GRAPHENE A RAY OF HOPE
Author: Akanksha Kashyap
The word ‘graphene’ has significantly become synonymous to ‘miracle material’ as, in today’s advancing technology era this carbon composite material can be used in any of the field whether it is medical , defence , commercial use or in aerospace field . It is a 2D one atom thick nano-material which has some very unique properties such as it has tremendous tensile strength i.e. 130 GPa and extraordinary specific penetration energy which is nearly 10 times higher than normal steel .Graphene as a carbon composite material is unique because of its sp2 hybridization structure & it’s extremely thin atomic thickness which is 0.345 nm.These properties make it a remarkably strong i.e. nearly 200 times stronger than steel as well as an excellent conductor of heat and electricity. The carbon-carbon bonds in graphene are so small in length and so strong that they prevent thermal fluctuations from destabilizing it. In addition to that, the material is extremely diverse and can be combined with other elements including gases and metals to produce different composite materials consisting range of superior properties. Graphene being a carbon composite material is also lightweight and stiff in nature thus making it a potential material to replace the aramid fibre based polymer composites used in armour systems in current scenario. The aim of this research is to study the behaviour of graphene under various extreme conditions so that it could potentially be used in the battle field as body armours or in our defence system .This study will discuss the potential of graphene based non-materials with regard to penetration energy, ballistic performance, flame resistance, electromagnetic interference shielding, electrostatic-charge dissipation, sensors, corrosion protection. The gestalt of defence applications of polymer/graphene based nano-material may offer future perspective to develop promising materials which will contribute in the growth of our country’s defence system.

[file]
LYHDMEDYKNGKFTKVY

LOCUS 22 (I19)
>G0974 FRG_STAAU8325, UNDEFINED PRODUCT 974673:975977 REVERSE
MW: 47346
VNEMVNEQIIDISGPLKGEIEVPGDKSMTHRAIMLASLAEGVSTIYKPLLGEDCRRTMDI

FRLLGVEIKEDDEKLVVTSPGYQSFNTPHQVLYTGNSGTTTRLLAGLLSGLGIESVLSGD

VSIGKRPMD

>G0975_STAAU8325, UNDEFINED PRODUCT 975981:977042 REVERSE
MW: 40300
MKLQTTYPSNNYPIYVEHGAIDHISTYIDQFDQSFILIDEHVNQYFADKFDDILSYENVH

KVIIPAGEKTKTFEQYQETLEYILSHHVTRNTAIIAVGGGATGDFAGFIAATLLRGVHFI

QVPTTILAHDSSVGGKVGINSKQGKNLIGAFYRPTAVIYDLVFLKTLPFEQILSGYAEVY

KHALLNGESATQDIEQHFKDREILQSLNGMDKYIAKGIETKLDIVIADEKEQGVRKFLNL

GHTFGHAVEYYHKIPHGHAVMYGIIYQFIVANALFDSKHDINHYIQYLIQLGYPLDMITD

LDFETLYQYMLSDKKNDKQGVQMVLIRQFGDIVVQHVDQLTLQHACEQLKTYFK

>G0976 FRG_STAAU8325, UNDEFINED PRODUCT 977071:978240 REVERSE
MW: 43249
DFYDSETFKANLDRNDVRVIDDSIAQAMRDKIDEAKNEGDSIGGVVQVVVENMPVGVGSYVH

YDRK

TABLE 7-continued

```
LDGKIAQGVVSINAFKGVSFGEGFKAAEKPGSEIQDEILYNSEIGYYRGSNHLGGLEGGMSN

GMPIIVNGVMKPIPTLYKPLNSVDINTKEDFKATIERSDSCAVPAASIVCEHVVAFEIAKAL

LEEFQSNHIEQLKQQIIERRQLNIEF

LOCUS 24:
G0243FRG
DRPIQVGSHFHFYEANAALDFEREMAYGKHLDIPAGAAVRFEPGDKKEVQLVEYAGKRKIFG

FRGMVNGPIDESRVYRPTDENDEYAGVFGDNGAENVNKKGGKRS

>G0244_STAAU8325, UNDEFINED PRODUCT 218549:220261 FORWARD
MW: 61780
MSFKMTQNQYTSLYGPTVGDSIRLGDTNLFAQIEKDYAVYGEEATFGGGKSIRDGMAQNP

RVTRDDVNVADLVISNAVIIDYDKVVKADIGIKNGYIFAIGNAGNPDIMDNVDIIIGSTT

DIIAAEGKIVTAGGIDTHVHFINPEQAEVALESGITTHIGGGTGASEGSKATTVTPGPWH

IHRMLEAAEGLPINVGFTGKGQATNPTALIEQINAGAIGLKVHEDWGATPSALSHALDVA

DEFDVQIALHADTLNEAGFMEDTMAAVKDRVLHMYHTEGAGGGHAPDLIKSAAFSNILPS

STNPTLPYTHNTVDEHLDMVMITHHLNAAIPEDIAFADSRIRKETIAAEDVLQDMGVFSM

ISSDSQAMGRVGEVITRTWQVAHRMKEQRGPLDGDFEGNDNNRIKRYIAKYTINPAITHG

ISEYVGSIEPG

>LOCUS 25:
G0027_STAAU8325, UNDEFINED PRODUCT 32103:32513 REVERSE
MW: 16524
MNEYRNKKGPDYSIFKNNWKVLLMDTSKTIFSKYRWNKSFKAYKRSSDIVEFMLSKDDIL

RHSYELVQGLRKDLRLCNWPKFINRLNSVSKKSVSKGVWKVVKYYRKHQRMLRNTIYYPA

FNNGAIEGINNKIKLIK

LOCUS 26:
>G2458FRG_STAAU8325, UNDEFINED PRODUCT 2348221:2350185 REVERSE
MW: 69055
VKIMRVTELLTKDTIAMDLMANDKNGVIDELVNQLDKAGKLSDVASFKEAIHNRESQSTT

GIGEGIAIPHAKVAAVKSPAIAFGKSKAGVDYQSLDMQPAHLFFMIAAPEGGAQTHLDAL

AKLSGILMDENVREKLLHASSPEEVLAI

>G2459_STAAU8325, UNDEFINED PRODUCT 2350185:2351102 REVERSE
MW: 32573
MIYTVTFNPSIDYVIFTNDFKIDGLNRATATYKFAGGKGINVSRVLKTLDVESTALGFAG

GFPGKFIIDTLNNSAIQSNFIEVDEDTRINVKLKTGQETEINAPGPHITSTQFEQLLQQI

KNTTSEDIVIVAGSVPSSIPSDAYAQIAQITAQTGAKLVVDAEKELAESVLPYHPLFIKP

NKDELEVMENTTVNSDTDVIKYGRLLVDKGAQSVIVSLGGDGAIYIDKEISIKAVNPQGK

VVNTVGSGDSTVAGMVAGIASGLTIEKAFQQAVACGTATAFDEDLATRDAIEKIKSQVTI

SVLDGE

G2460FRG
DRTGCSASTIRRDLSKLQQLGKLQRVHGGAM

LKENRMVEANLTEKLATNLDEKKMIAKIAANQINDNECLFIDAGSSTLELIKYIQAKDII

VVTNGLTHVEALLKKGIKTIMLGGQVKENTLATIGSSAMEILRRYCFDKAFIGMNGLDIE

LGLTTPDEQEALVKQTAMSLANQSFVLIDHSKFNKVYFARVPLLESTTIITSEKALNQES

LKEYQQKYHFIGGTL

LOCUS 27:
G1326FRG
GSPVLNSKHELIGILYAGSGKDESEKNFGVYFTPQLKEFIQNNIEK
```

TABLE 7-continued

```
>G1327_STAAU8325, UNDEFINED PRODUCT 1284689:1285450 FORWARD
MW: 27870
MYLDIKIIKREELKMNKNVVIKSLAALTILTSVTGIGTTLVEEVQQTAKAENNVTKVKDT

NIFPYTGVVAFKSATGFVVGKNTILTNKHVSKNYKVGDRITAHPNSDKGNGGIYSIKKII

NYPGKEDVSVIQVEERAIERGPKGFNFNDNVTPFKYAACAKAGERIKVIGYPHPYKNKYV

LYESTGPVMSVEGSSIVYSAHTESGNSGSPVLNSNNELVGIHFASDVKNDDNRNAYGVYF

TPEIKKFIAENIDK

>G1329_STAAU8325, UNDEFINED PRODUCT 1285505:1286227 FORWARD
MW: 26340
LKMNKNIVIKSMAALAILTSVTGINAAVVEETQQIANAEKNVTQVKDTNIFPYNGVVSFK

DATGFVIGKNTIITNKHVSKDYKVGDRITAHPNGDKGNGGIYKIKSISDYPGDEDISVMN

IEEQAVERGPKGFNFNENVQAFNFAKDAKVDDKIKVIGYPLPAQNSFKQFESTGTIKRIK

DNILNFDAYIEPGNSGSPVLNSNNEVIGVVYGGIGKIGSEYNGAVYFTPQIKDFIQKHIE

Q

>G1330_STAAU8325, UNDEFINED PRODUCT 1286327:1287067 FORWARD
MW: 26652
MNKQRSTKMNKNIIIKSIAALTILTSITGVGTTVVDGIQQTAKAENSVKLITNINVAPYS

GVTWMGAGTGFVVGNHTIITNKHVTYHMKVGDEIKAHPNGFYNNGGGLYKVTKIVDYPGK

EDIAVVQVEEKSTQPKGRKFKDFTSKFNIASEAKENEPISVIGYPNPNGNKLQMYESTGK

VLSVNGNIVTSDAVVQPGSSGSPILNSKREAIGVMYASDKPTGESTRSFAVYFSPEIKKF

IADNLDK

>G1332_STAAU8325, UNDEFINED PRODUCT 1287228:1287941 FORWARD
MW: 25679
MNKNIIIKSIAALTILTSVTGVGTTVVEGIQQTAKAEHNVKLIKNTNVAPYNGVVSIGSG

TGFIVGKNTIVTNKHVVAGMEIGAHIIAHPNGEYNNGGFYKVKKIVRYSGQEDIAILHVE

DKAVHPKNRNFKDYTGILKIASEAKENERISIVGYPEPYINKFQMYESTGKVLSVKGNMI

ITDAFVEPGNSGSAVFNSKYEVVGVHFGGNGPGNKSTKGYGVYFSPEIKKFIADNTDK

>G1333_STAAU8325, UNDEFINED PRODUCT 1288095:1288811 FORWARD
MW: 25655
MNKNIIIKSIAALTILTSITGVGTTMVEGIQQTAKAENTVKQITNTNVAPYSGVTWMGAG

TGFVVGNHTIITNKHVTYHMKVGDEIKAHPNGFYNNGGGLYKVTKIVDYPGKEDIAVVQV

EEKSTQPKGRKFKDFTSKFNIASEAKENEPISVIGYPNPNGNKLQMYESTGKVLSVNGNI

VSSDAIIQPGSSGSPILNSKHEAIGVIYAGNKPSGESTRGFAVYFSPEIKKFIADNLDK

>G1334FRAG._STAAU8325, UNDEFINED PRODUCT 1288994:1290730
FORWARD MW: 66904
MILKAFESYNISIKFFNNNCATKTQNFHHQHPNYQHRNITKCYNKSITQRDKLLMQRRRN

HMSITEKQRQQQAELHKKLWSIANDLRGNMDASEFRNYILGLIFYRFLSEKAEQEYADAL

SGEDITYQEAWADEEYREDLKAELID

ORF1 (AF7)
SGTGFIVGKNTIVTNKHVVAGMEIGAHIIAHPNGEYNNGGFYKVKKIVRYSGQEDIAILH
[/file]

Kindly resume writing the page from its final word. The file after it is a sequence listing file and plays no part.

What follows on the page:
Graphene was first demonstrated by Andre Geim and Konstantin Novoselov, two physicists from the University of Manchester, in 2004 for which they received the Nobel Prize in 2010. The scientists argued that strictly 2D crystalline materials were thermodynamically unstable and could not exist. It had already been studied theoretically in 1947 by P.R. Wallace as a text book example for calculations in solid state physics. He predicted the electronic structure and noted the linear dispersion relation. The wave equation for excitations was written down by J.W. McClure already in 1956, and the similarity to the Dirac equation was discussed by G.W. Semenoff in 1984.In their initial experiments, Geim and Novoselov extracted graphene from a piece of graphite such as is found in ordinary pencils. Using regular adhesive tape they managed to obtain a flake of carbon with a thickness of just one atom. They pulled graphene layers from graphite and transferred them onto thin silicon dioxide (SiO2) on a silicon wafer in a process called either micromechanical cleavage or the Scotch tape technique. The SiO2 electrically isolated the graphene and weakly interacted with it, providing nearly charge-neutral graphene layers. The silicon beneath the SiO2 could be used as a "back gate" electrode to vary the charge density in the graphene over a wide range .This mechanical exfoliation is the simplest of the preparation methods and surprisingly is the method that made stand-alone graphene a reality.
Synthesis or Production: